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Great Horned Owl

Great horned owl

Great horned owl

The Great Horned Owl, scientific name: Bubo virginianus, also known as the “winged tiger” measures 18-25 inches in length and has an average wingspan of 48 inches. The Great Horned Owl is a highly adaptable species and can be found in various climates throughout all of North America and some parts of South America as well. The owl is a non-migratory bird and travels based solely on the breeding season and the availability of prey.

Great Horned Owls are largely nocturnal and begin hunting for small rodents, reptiles, amphibians, insects and even other birds at dusk. They are silent killers and can lift prey 2-3 times their own size. Smaller animals like rodents and lizards can be swallowed whole.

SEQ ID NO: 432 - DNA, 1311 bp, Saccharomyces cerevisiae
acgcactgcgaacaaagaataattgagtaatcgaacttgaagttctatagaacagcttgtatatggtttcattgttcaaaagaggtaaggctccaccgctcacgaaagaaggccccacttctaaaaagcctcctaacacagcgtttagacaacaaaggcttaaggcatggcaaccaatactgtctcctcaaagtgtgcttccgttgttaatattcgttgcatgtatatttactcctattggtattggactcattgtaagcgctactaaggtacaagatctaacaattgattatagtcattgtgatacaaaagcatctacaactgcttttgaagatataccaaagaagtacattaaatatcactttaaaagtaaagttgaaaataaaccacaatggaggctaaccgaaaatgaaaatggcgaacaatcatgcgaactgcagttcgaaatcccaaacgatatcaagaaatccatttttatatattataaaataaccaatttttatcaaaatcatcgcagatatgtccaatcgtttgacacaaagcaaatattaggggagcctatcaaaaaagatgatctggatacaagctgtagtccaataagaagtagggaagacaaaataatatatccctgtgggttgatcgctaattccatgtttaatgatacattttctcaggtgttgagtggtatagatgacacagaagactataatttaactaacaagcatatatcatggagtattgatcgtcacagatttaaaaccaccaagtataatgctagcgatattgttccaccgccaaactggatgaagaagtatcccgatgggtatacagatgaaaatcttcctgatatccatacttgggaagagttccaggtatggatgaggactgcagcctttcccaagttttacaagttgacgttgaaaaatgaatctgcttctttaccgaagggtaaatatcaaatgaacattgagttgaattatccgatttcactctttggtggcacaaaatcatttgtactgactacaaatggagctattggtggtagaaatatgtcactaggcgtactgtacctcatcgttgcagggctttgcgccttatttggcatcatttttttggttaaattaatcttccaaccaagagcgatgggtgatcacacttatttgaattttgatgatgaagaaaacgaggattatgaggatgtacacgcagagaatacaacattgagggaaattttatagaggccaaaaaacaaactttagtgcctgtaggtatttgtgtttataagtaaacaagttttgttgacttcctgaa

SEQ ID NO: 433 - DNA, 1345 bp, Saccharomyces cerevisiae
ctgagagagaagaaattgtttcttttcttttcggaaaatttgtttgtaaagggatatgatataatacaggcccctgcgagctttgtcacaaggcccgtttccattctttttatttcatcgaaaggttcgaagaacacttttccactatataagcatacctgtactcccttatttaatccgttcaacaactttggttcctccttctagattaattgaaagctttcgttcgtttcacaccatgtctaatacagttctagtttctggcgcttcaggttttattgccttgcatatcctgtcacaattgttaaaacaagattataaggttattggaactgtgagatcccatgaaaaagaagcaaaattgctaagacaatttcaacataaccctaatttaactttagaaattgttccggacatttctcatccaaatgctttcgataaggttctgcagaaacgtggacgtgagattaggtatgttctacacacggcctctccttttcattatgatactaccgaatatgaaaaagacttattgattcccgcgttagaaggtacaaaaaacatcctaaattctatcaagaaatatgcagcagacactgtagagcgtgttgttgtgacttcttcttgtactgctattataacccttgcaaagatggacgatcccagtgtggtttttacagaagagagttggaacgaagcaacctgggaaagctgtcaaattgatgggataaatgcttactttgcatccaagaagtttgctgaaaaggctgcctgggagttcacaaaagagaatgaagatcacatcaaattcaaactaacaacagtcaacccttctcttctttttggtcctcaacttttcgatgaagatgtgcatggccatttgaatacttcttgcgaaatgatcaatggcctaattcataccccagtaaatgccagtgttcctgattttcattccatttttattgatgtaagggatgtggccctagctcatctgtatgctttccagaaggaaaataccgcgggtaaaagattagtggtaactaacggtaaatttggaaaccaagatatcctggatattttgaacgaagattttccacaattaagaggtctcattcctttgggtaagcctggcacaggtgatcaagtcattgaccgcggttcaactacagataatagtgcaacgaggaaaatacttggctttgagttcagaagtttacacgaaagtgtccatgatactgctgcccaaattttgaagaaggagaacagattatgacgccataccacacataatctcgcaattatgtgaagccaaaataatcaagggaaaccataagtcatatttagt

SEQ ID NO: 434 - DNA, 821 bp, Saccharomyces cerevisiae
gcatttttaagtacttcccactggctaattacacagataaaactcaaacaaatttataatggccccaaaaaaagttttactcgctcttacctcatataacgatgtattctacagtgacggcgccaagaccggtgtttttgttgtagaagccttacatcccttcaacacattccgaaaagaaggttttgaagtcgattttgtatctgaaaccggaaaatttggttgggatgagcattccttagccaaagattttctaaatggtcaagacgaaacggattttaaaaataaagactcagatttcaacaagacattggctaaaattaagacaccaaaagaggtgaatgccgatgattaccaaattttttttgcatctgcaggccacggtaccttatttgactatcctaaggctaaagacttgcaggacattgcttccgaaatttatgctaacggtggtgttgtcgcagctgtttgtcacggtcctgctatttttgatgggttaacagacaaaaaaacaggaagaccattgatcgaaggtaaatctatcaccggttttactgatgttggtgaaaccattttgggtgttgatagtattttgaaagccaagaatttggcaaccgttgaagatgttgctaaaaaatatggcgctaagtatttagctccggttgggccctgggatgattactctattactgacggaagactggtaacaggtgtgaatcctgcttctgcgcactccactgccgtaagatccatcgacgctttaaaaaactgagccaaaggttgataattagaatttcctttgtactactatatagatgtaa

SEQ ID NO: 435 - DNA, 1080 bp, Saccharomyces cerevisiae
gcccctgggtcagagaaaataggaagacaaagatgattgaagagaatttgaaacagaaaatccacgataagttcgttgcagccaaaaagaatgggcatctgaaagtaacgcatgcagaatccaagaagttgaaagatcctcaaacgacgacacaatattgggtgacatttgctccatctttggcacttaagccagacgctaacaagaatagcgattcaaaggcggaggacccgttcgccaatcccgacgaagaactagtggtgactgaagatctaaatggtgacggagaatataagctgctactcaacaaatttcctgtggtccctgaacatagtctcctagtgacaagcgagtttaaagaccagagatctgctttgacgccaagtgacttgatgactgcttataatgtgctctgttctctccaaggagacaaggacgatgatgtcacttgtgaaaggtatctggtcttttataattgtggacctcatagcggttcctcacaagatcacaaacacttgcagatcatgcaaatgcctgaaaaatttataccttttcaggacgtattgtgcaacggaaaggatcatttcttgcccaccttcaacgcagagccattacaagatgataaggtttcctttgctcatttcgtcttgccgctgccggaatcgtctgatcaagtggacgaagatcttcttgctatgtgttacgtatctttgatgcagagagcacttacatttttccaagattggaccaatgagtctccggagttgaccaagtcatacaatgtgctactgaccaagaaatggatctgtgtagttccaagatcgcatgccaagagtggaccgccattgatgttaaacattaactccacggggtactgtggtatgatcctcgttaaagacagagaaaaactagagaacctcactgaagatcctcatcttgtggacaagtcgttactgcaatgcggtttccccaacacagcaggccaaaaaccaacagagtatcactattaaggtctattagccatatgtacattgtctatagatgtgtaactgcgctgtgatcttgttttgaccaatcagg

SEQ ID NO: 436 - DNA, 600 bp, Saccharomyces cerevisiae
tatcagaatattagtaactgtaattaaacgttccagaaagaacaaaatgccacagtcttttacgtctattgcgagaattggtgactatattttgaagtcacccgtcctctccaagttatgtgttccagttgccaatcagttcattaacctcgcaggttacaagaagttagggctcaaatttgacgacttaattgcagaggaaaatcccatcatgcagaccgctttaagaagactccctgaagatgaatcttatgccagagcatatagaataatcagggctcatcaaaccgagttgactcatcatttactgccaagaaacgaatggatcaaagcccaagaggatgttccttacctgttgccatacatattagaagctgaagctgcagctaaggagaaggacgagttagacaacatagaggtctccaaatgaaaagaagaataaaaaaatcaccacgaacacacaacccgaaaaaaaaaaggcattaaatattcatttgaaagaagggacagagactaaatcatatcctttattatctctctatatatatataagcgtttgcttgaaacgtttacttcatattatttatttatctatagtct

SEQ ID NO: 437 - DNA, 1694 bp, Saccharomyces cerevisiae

Nesting season for the Great Horned Owl is January and February. The Great Horned owl pair do not build their own nests but instead utilize the nests of other birds and sometimes even squirrels. In these nests, the female owl will lay 3-4 eggs. The female takes full responsibility for incubating the eggs. Even though Great Horned Owls are solitary in nature, breeding pairs will often “haunt” their breeding ground for almost one year after their young leave the nest before they separate.

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